The Massachusetts Hospital Association has voted unanimously against a proposed ballot measure to legalize recreational marijuana in the state, as debate over legalizing pot for people aged 21 and over continued to rage statewide. Massachusetts decriminalized cannabis in 2008 and made medical marijuana legal in 2012, and the state has begun seeing a push to legalize pot for recreational use in a November ballot measure, the Boston Globe reported. 

“Clinicians and healthcare leaders from around the state have a clear message — this ballot measure is the wrong prescription for Massachusetts,” Lynn Nicholas, chief executive of the hospital association, said. The board of trustees of the association, which represents 78 licensed member hospitals, voted against the ballot measure last week.

Critics of the proposed measure have said the science and safety studies surrounding pot have not been widely performed enough to say for certain that the drug is safe. Supporters of the measure have pointed out how attempts to study the drug have been repeatedly blocked by the federal government, while noting that legalization could possibly take money away from a powerful pharmaceutical industry.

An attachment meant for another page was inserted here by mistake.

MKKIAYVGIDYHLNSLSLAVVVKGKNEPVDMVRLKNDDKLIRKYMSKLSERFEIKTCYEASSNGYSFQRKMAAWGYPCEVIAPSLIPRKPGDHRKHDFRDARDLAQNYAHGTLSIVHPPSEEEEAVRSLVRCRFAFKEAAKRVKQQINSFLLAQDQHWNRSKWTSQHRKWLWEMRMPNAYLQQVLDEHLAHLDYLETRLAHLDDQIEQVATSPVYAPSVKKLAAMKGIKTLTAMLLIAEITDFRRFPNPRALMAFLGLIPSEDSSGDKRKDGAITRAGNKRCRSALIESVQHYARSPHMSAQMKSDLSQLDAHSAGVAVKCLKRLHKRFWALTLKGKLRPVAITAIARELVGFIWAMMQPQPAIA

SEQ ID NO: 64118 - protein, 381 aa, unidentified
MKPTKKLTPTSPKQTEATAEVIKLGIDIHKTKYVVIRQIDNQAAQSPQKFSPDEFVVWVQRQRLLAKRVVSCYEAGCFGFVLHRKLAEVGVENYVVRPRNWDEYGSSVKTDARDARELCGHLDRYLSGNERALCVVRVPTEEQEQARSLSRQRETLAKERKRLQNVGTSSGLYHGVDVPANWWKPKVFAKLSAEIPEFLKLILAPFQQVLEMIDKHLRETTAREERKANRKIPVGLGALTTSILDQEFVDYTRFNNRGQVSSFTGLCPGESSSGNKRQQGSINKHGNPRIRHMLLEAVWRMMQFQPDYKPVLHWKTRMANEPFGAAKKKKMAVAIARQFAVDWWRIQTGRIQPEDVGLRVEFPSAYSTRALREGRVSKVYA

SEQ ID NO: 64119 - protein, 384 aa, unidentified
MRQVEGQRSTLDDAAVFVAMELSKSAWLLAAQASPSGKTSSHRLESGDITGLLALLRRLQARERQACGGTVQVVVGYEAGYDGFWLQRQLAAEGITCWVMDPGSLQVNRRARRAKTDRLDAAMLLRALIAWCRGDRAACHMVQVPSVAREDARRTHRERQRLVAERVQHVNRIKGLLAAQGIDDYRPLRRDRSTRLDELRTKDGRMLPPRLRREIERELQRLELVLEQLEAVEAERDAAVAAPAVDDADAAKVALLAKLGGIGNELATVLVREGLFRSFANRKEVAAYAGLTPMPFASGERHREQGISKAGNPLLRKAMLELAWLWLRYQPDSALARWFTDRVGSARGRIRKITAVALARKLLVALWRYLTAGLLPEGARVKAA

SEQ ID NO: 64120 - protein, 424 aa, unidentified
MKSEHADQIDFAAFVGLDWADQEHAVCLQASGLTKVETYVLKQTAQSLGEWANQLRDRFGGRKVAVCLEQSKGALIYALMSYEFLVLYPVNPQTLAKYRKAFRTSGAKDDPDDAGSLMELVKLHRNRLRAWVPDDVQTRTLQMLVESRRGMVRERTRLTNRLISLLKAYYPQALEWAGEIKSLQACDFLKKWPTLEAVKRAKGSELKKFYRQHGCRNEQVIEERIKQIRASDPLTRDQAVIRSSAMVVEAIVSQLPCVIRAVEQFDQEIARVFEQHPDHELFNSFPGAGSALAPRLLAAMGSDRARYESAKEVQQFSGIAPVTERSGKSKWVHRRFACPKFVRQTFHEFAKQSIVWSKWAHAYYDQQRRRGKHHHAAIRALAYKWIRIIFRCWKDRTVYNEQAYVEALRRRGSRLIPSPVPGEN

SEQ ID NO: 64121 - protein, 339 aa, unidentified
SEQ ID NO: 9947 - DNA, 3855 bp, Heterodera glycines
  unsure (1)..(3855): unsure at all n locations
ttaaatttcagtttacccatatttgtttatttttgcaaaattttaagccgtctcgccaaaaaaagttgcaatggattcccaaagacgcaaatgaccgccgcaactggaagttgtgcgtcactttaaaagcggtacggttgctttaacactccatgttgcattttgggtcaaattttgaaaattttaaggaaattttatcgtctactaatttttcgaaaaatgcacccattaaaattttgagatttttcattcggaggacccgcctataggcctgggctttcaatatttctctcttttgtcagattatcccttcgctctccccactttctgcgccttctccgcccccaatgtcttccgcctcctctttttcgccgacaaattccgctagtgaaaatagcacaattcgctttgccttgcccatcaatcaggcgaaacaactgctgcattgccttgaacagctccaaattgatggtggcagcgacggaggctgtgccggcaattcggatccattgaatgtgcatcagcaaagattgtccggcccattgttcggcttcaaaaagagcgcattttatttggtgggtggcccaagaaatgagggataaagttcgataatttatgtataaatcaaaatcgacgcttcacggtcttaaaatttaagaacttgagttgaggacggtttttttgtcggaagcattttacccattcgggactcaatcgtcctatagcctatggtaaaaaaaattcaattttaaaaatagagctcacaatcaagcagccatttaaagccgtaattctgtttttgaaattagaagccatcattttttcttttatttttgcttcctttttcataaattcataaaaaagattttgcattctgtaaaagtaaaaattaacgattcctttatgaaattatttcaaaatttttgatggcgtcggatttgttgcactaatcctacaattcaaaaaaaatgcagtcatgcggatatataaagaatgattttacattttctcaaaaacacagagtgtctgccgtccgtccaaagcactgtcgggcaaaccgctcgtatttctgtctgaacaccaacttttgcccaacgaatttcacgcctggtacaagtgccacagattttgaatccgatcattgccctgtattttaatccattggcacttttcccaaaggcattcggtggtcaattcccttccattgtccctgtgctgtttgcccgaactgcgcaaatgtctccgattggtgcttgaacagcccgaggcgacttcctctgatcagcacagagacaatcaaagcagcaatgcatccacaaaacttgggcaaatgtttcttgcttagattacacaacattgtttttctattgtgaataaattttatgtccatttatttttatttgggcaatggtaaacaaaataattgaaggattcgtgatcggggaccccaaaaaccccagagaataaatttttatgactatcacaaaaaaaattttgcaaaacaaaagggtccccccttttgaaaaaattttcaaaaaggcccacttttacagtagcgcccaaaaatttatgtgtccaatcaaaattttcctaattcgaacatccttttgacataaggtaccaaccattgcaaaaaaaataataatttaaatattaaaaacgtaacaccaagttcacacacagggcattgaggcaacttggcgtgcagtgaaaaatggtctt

Debate over recreational legalization has also divided politicians throughout the state. Gov. Charlie Baker, along with Attorney General Maura Healey and Boston Mayor Martin J. Walsh, penned a scathing column in the Boston Globe earlier in the month, discouraging Massachusetts residents from voting "yes" on the measure. Citing how children might have increased access to marijuana, Baker warned of the possibility that marijuana was a gateway drug to substance abuse later in life — an assertion that proponents of the measure vehemently deny.

State lawmakers have voiced concern over what they say are consequences of the measure passing, including how children could have easy access to the drug if family members kept it in the house. Edibles, or pot baked into cookies, brownies and other foods, were also a concern for lawmakers, who said they feared children could accidentally consume marijuana if recreational legalization passed.